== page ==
What does it take to make something—an activity, a work of art, a company—great? What are the factors that distinguish the merely good from the truly great? In Good to Great: Why Some Companies Make the Leap…And Others Don’t, Jim Collins offers insight into what makes a business truly great.
As the adage goes, “good” can be an enemy of “great”: it can stop us from striving for more. It keeps us satisfied and content with something that is above average but not outstanding. In the business world, some companies are great from their inception; most companies, however, have to work hard to get to “good.” Only some will ever reach greatness. Others get stuck in the good category, unable to make that final breakthrough that sets the few apart from the majority. Good to Great offers a way to understand what the distinguishing factors are between the companies that make it to “great” and the companies that do not. Findings are based on a comparative study between companies that made the move from good to great and sustained great results for at least 15 years and companies that failed to make the leap or, if they did, failed to sustain it.
With interviews with executives, empirical data, qualitative and quantitative analysis, and more, it becomes possible to explain what accounts for the difference between good and great companies. There are seven key principles to which great companies adhere across the board; by comparison, companies that failed to become great were notable for the ways in which they did not adhere to these principles. Any organization can dramatically improve its performance if it applies the principles of companies that have transformed themselves from good to great.
Key insights for this book is:
- Great leaders combine tremendous personal humility with unwavering professional resolve. They are not focused on personal gains but on setting up the whole company for success.
- Hiring the right people for a company is the most important first step to greatness. Before deciding the “what” of strategy, vision, and organization, it is important to decide the “who” by identifying the people who will help execute major decisions.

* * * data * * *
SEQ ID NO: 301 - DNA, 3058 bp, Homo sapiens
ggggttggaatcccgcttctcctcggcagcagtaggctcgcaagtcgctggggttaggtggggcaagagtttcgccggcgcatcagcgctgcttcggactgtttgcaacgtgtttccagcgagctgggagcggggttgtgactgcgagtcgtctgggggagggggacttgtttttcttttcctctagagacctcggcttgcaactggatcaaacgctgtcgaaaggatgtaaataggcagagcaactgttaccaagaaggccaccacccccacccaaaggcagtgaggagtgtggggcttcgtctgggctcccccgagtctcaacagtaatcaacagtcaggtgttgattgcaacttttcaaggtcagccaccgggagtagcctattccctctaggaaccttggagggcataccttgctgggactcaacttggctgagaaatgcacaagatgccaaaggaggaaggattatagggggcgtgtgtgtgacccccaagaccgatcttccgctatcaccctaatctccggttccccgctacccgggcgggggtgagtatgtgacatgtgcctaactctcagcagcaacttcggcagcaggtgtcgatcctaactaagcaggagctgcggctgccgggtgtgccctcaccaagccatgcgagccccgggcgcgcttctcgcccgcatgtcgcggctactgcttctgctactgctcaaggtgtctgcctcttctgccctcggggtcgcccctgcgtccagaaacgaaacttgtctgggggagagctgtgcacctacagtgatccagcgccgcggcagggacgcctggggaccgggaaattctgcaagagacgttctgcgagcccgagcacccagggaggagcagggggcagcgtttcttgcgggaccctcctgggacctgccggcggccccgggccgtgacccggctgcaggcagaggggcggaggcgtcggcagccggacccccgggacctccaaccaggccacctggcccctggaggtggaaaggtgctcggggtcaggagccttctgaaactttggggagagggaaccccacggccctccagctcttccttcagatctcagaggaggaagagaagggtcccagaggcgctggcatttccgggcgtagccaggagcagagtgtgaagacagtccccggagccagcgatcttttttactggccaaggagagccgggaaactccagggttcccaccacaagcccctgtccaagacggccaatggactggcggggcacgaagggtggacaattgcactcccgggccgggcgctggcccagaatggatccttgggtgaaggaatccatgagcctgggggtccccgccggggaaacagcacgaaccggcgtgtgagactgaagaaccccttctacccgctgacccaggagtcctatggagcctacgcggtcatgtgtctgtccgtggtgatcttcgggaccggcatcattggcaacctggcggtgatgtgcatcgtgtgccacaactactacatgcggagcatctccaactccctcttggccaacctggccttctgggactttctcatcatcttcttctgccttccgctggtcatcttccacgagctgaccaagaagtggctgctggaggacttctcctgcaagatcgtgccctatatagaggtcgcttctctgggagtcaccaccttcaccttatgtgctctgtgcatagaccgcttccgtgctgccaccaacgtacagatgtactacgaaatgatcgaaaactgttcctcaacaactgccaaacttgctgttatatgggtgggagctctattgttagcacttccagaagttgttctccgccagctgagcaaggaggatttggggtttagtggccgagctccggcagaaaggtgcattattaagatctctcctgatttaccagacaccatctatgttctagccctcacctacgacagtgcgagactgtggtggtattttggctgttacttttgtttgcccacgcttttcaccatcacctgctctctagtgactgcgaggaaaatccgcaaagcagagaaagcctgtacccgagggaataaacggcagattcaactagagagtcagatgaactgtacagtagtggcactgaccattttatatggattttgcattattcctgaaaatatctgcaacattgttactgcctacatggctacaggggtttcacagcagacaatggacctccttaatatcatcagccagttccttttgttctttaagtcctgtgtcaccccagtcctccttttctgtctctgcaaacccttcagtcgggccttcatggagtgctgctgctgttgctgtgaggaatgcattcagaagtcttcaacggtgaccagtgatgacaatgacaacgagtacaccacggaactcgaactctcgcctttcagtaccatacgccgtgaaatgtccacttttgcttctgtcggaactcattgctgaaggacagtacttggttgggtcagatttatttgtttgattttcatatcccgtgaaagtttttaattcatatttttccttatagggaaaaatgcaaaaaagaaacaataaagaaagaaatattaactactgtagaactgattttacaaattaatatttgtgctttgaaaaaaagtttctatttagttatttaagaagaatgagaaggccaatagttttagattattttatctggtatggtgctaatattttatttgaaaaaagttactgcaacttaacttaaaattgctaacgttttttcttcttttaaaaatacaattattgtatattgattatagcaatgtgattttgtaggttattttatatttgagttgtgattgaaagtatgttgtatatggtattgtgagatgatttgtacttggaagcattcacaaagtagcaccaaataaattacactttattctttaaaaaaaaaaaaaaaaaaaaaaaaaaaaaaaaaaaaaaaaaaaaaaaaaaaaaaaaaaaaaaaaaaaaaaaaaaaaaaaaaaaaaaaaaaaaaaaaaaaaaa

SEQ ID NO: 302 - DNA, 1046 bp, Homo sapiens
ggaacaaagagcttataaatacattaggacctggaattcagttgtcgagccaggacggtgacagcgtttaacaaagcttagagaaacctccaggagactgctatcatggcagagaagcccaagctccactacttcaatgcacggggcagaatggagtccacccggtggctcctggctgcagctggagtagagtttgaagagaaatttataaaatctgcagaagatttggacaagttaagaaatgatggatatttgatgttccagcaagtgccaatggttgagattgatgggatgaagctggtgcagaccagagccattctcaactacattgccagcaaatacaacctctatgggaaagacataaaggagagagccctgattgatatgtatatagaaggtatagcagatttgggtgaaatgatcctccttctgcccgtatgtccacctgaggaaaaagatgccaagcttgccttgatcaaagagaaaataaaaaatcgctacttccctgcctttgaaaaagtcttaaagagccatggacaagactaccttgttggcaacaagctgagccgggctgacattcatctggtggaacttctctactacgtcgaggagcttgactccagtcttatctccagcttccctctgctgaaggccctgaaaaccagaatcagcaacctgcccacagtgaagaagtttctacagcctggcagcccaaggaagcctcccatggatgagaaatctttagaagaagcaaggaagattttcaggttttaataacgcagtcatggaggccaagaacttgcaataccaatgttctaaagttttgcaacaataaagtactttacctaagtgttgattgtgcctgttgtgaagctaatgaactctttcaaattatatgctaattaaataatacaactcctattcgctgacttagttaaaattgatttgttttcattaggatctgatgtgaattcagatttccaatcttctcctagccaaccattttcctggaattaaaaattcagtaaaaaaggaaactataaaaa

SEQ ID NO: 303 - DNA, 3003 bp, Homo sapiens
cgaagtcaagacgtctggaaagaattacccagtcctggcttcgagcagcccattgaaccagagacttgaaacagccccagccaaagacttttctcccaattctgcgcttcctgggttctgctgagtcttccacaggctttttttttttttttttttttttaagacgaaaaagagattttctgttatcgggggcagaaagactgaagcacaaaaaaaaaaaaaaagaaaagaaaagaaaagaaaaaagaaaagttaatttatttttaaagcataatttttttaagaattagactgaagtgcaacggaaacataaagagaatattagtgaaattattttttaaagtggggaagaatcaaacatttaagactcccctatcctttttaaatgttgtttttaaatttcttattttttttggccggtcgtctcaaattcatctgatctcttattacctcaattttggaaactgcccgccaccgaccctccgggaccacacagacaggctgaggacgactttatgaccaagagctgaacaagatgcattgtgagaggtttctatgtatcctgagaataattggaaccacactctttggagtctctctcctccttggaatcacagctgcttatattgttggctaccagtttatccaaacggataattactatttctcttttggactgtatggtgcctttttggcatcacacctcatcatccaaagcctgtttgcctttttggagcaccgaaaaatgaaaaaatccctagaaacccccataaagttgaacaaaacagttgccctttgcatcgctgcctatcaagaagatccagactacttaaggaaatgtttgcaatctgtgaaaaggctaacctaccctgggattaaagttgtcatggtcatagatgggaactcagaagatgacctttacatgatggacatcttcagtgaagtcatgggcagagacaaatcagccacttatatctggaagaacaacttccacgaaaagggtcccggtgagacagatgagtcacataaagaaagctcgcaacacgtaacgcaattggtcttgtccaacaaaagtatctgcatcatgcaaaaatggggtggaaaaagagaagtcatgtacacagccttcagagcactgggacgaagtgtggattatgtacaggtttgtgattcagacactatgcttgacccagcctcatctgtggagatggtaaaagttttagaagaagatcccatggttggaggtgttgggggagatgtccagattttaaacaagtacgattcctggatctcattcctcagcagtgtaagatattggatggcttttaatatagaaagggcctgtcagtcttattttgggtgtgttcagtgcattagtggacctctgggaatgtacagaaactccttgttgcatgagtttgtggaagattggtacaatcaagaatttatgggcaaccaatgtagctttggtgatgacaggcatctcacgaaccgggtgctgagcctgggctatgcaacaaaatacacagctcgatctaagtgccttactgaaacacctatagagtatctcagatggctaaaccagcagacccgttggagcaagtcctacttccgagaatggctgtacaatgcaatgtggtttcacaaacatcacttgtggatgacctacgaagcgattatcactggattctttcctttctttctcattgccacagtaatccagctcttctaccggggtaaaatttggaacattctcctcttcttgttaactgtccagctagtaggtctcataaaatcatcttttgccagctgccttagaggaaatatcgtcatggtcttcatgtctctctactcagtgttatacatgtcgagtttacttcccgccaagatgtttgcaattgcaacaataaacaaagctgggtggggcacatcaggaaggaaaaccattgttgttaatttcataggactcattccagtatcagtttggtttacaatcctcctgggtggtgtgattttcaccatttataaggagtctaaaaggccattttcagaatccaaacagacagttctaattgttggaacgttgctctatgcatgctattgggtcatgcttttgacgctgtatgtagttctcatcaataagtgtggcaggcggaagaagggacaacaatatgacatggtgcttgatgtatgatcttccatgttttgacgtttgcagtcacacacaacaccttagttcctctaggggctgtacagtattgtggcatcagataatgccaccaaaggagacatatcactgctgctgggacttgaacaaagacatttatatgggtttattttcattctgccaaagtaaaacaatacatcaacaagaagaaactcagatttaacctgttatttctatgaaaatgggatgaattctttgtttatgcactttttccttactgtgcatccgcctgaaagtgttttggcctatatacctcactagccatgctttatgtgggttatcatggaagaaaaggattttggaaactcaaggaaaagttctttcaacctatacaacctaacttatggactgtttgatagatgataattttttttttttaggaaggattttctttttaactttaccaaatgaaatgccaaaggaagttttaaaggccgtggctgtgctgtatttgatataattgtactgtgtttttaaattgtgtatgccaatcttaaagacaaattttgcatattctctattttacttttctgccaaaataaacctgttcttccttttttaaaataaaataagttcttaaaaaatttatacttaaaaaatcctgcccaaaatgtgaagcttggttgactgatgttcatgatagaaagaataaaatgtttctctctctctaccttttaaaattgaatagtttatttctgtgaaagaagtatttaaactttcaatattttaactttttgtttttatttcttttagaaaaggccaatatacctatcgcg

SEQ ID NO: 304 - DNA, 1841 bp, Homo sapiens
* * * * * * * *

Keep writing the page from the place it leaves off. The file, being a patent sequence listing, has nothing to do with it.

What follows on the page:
- Companies that are trying to become great must force themselves to confront brutal facts and difficult realities in order to address them. At the same time, however, they must maintain a belief that they can prevail in becoming great.
- A company must be best at its core competency to become great. This means understanding what the company is truly best at doing—not just what it wants to be best at or thinks it should be best at—and sticking to this competency consistently.
- Going from good to great requires a culture of discipline. This does not mean having a leader who disciplines employees harshly but hiring people who are self-disciplined and committed to focusing their energy on the company’s core competency.
- Technology neither makes a company great nor makes it fail. Rather, great companies use technology as a way to accelerate momentum in line with their core competency.
- The transformation from good to great does not come in a dramatic swoop or sudden action. It is a long process that requires persistent effort.
- These principles are timeless and they apply even in a rapidly changing business world. Economies are always evolving and even if the present challenges look different from past ones, the principles for reaching greatness remain the same.